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Universities warn students of 'harmful' cultural appropriation during Halloween

Universities across the U.S. are warning students about the harm done by wearing Halloween costumes that might be offensive to other cultures. (Image source: YouTube screenshot)

In preparation for Halloween, universities across the country are warning their students to be sensitive when choosing their costumes for the holiday, and particularly to steer clear of 'harmful' cultural appropriation so as not to offend other people.

What's going on at the universities?

A campuswide email, sent Thursday from Gonzaga University's Vice President for Student Development and obtained by Campus Reform, told students that while "the tradition of Halloween has Christian origins," it "has also become known for more dangerous and damaging traditions like binge drinking, sexualized or culturally inappropriate costumes and vandalism."

The email continued, "We urge our community to be aware of the potentially harmful impact insensitive behavior can have on fellow students... One of these behaviors is cultural appropriation — the act of taking or using things from a culture that is not your own, especially without showing respect of [sic] that culture."

Baylor University featured an article on its website Thursday that also cautioned students on Halloween attire. Professor Mia Moody-Ramirez explained that "cultural appropriation is distinct from equal cultural exchange because of the presence of power inequities."

Moody-Ramirez added that "Cultural appropriation is important to consider during Halloween because this is the time of year when we are most likely to dress up in a costume that is representative of another culture."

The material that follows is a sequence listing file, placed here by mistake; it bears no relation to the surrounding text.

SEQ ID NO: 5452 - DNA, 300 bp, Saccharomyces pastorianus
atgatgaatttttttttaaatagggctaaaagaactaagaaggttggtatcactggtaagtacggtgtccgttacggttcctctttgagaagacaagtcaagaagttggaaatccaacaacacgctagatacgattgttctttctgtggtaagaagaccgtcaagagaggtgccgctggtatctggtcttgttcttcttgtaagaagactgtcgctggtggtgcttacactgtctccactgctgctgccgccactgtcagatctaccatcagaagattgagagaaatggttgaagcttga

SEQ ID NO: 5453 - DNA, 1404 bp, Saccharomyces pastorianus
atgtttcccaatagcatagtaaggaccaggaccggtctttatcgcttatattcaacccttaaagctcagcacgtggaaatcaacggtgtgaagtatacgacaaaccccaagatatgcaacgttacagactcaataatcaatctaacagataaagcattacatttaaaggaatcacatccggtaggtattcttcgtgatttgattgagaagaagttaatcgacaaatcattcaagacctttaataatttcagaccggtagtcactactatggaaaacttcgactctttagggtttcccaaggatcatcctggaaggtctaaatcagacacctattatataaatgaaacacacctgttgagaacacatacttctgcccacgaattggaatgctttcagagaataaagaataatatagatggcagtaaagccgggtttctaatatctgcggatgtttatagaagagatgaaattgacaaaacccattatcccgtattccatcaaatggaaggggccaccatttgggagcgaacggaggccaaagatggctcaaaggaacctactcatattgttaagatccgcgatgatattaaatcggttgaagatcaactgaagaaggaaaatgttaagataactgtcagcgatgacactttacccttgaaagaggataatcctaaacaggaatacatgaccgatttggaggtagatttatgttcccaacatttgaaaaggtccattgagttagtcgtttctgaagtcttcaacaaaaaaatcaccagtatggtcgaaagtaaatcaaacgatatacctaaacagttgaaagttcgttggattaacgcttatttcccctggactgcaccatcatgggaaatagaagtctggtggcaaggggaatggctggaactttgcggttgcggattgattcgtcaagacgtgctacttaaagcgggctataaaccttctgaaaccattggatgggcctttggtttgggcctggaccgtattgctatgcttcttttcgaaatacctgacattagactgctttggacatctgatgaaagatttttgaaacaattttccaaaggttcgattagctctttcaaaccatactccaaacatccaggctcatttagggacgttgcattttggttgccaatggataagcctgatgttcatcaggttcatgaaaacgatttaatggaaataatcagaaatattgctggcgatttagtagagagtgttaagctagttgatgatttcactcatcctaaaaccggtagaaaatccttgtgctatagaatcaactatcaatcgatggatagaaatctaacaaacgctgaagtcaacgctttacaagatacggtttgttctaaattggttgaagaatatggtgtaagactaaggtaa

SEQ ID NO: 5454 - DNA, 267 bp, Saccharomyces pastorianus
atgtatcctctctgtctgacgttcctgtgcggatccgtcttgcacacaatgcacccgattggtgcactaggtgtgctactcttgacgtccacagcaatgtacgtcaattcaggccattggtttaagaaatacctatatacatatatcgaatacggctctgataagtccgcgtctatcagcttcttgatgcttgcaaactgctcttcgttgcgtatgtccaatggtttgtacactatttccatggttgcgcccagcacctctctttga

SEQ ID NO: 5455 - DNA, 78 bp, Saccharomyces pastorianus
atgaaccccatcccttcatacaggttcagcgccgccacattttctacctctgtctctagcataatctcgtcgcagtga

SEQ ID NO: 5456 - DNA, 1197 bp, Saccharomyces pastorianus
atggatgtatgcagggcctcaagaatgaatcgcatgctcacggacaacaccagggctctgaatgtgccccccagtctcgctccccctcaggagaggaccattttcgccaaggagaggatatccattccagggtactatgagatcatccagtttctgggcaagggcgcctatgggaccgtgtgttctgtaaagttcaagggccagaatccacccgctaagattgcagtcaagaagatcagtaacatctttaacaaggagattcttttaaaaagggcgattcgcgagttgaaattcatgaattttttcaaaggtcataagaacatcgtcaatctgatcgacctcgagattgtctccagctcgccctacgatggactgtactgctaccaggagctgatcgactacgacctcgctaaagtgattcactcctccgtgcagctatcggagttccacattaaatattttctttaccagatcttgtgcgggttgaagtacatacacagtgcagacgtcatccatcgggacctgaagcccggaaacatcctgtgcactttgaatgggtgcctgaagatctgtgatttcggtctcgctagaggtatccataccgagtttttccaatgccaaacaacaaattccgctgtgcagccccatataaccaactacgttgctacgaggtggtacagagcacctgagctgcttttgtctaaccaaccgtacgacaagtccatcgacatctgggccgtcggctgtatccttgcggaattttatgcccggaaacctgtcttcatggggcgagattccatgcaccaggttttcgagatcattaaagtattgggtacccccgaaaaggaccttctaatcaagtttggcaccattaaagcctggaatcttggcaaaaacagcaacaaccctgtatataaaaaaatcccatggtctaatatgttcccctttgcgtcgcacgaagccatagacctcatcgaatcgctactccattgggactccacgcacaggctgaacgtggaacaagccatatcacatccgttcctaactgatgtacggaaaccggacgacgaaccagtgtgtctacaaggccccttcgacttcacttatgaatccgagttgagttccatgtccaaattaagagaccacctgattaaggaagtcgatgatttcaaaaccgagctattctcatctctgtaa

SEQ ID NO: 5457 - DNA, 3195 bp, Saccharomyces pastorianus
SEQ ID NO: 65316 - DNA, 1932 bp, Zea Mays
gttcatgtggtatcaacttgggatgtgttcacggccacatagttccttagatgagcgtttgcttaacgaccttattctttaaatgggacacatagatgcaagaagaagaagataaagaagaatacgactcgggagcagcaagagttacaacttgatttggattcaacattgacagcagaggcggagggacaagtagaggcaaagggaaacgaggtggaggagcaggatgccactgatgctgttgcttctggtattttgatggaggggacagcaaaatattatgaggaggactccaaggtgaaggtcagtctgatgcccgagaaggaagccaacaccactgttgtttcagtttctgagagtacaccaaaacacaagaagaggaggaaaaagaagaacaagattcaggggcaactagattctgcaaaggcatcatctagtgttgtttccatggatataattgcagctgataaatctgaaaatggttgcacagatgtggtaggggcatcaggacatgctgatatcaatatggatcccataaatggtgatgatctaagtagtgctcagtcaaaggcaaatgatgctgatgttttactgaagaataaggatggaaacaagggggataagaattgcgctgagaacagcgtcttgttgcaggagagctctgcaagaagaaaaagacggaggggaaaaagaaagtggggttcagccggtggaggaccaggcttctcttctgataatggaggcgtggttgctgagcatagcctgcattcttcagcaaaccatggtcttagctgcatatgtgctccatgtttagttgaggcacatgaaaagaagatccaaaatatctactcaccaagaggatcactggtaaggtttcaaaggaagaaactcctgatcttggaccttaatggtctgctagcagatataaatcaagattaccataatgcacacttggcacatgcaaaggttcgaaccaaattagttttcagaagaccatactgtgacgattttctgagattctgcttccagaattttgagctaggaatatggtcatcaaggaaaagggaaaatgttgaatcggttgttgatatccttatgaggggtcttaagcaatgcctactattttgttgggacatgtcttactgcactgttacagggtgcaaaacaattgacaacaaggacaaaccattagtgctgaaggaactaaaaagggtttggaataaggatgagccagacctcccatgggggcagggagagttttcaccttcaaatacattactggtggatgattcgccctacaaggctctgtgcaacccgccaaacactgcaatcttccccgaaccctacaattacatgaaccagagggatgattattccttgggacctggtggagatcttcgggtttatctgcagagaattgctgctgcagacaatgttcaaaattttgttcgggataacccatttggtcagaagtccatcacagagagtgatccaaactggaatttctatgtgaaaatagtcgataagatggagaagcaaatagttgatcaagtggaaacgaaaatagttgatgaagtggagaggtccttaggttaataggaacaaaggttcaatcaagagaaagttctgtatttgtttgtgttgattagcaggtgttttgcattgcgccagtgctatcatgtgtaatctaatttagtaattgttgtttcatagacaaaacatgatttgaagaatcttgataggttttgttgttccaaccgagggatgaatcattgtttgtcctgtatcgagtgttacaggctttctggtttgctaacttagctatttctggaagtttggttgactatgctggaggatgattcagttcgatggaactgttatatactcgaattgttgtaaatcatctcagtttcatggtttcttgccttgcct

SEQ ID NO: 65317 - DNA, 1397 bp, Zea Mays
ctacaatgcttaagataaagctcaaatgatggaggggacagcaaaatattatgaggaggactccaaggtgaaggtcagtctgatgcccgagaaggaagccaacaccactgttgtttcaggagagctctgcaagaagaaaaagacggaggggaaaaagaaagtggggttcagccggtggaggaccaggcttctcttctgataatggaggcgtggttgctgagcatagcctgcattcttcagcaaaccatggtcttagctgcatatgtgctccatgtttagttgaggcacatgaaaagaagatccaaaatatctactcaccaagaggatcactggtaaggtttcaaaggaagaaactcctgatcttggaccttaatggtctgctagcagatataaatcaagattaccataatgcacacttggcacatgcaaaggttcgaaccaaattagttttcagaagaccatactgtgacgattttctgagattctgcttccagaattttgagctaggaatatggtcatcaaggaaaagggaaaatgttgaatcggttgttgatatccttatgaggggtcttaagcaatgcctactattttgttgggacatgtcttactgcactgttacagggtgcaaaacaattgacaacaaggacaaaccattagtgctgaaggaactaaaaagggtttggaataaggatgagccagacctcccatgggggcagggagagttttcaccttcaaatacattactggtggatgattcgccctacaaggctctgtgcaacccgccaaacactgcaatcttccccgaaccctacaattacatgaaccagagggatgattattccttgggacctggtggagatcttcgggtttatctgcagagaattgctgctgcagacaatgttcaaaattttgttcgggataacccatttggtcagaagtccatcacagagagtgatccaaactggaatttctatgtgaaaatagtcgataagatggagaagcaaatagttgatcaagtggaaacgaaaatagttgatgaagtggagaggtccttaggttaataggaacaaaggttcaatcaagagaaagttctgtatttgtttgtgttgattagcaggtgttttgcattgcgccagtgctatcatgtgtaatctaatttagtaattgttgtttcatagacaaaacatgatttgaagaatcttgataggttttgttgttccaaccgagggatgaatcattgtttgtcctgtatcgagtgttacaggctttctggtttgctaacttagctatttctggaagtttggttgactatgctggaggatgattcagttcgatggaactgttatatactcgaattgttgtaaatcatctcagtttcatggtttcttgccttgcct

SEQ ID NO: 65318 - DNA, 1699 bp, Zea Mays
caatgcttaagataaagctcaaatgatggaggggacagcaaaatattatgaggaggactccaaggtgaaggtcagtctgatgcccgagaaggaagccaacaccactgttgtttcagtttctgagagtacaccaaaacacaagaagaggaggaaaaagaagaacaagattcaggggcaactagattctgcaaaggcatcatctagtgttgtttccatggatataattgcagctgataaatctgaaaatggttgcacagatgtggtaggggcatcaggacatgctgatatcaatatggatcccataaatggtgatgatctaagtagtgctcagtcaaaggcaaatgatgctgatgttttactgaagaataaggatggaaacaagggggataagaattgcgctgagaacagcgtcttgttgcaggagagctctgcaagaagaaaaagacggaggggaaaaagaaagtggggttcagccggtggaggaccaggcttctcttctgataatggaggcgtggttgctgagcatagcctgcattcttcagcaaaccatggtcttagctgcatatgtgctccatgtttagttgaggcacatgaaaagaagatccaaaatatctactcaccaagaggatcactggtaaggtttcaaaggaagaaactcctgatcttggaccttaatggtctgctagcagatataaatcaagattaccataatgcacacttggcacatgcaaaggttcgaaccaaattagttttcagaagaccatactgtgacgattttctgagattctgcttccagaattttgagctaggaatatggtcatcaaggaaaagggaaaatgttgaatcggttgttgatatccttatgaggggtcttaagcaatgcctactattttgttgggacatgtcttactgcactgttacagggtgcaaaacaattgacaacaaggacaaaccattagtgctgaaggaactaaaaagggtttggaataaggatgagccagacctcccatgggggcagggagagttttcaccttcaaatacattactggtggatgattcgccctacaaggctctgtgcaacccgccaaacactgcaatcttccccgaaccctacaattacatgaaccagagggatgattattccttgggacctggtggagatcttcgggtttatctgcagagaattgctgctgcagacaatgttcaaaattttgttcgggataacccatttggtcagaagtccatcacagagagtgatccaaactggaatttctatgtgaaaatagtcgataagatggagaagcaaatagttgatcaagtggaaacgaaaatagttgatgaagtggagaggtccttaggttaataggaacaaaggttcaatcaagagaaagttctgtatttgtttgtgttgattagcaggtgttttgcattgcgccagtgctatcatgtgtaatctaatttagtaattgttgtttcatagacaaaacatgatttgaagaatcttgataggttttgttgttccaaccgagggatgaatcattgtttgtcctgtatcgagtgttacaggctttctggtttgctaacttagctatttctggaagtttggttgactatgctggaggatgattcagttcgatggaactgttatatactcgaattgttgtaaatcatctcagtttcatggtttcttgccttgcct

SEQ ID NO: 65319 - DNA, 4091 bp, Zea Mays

She warned against dressing in a way that might "provoke laughter rather than show respect for a group/person."

Princeton University's school newspaper also covered the topic on Thursday, offering further perspective for their student body by linking an article to a Facebook post showing several examples of inappropriate Halloween costumes.

"We wanted to dig into cultural appropriation beyond its most blatant and sensationalized forms and get a sense from campus leaders of how to approach the issue," the article said.

What did the student say?

In a blog post earlier this week featured on Colorado State University's HerCampus.com site, student Rebecca Sanchez wrote, "Dressing up as another person's culture may seem like it isn't causing any harm, but it is...a lot of it. When you dress up as someone else's culture, you're disregarding their cultural experiences. You're telling the world that their culture is a costume and not part of their identify."

"You may think you are appreciating the culture, but it's doing a lot of harm," she reiterated.

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